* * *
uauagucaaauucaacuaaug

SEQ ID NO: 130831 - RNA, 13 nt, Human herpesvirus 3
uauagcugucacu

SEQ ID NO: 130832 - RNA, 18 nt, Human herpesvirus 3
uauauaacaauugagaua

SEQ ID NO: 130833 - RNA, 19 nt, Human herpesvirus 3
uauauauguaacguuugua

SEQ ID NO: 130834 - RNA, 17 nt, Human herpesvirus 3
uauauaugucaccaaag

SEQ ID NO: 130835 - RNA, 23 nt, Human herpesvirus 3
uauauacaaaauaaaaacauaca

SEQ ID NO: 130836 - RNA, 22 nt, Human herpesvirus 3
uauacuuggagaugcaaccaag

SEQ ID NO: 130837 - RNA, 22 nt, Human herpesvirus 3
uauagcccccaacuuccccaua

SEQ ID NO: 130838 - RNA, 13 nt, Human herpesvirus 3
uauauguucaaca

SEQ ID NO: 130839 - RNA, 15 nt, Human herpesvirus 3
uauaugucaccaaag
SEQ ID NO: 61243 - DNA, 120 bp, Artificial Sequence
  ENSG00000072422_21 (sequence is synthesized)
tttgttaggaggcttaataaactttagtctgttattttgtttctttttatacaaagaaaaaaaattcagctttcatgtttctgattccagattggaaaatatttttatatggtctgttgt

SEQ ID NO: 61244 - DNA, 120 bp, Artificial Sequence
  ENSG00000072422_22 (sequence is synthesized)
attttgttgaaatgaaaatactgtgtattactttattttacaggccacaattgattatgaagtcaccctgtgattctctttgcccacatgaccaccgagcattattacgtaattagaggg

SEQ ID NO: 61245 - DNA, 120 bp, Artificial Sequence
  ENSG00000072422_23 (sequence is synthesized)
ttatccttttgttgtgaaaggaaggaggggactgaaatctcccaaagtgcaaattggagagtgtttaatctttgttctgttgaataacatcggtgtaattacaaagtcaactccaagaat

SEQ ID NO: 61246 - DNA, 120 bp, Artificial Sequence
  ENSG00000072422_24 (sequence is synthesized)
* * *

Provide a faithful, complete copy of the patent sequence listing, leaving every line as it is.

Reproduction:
uauagucaaauucaacuaaug

SEQ ID NO: 130831 - RNA, 13 nt, Human herpesvirus 3
uauagcugucacu

SEQ ID NO: 130832 - RNA, 18 nt, Human herpesvirus 3
uauauaacaauugagaua

SEQ ID NO: 130833 - RNA, 19 nt, Human herpesvirus 3
uauauauguaacguuugua

SEQ ID NO: 130834 - RNA, 17 nt, Human herpesvirus 3
uauauaugucaccaaag

SEQ ID NO: 130835 - RNA, 23 nt, Human herpesvirus 3
uauauacaaaauaaaaacauaca

SEQ ID NO: 130836 - RNA, 22 nt, Human herpesvirus 3
uauacuuggagaugcaaccaag

SEQ ID NO: 130837 - RNA, 22 nt, Human herpesvirus 3
uauagcccccaacuuccccaua

SEQ ID NO: 130838 - RNA, 13 nt, Human herpesvirus 3
uauauguucaaca

SEQ ID NO: 130839 - RNA, 15 nt, Human herpesvirus 3
uauaugucaccaaag
SEQ ID NO: 61243 - DNA, 120 bp, Artificial Sequence
  ENSG00000072422_21 (sequence is synthesized)
tttgttaggaggcttaataaactttagtctgttattttgtttctttttatacaaagaaaaaaaattcagctttcatgtttctgattccagattggaaaatatttttatatggtctgttgt

SEQ ID NO: 61244 - DNA, 120 bp, Artificial Sequence
  ENSG00000072422_22 (sequence is synthesized)
attttgttgaaatgaaaatactgtgtattactttattttacaggccacaattgattatgaagtcaccctgtgattctctttgcccacatgaccaccgagcattattacgtaattagaggg

SEQ ID NO: 61245 - DNA, 120 bp, Artificial Sequence
  ENSG00000072422_23 (sequence is synthesized)
ttatccttttgttgtgaaaggaaggaggggactgaaatctcccaaagtgcaaattggagagtgtttaatctttgttctgttgaataacatcggtgtaattacaaagtcaactccaagaat

SEQ ID NO: 61246 - DNA, 120 bp, Artificial Sequence
  ENSG00000072422_24 (sequence is synthesized)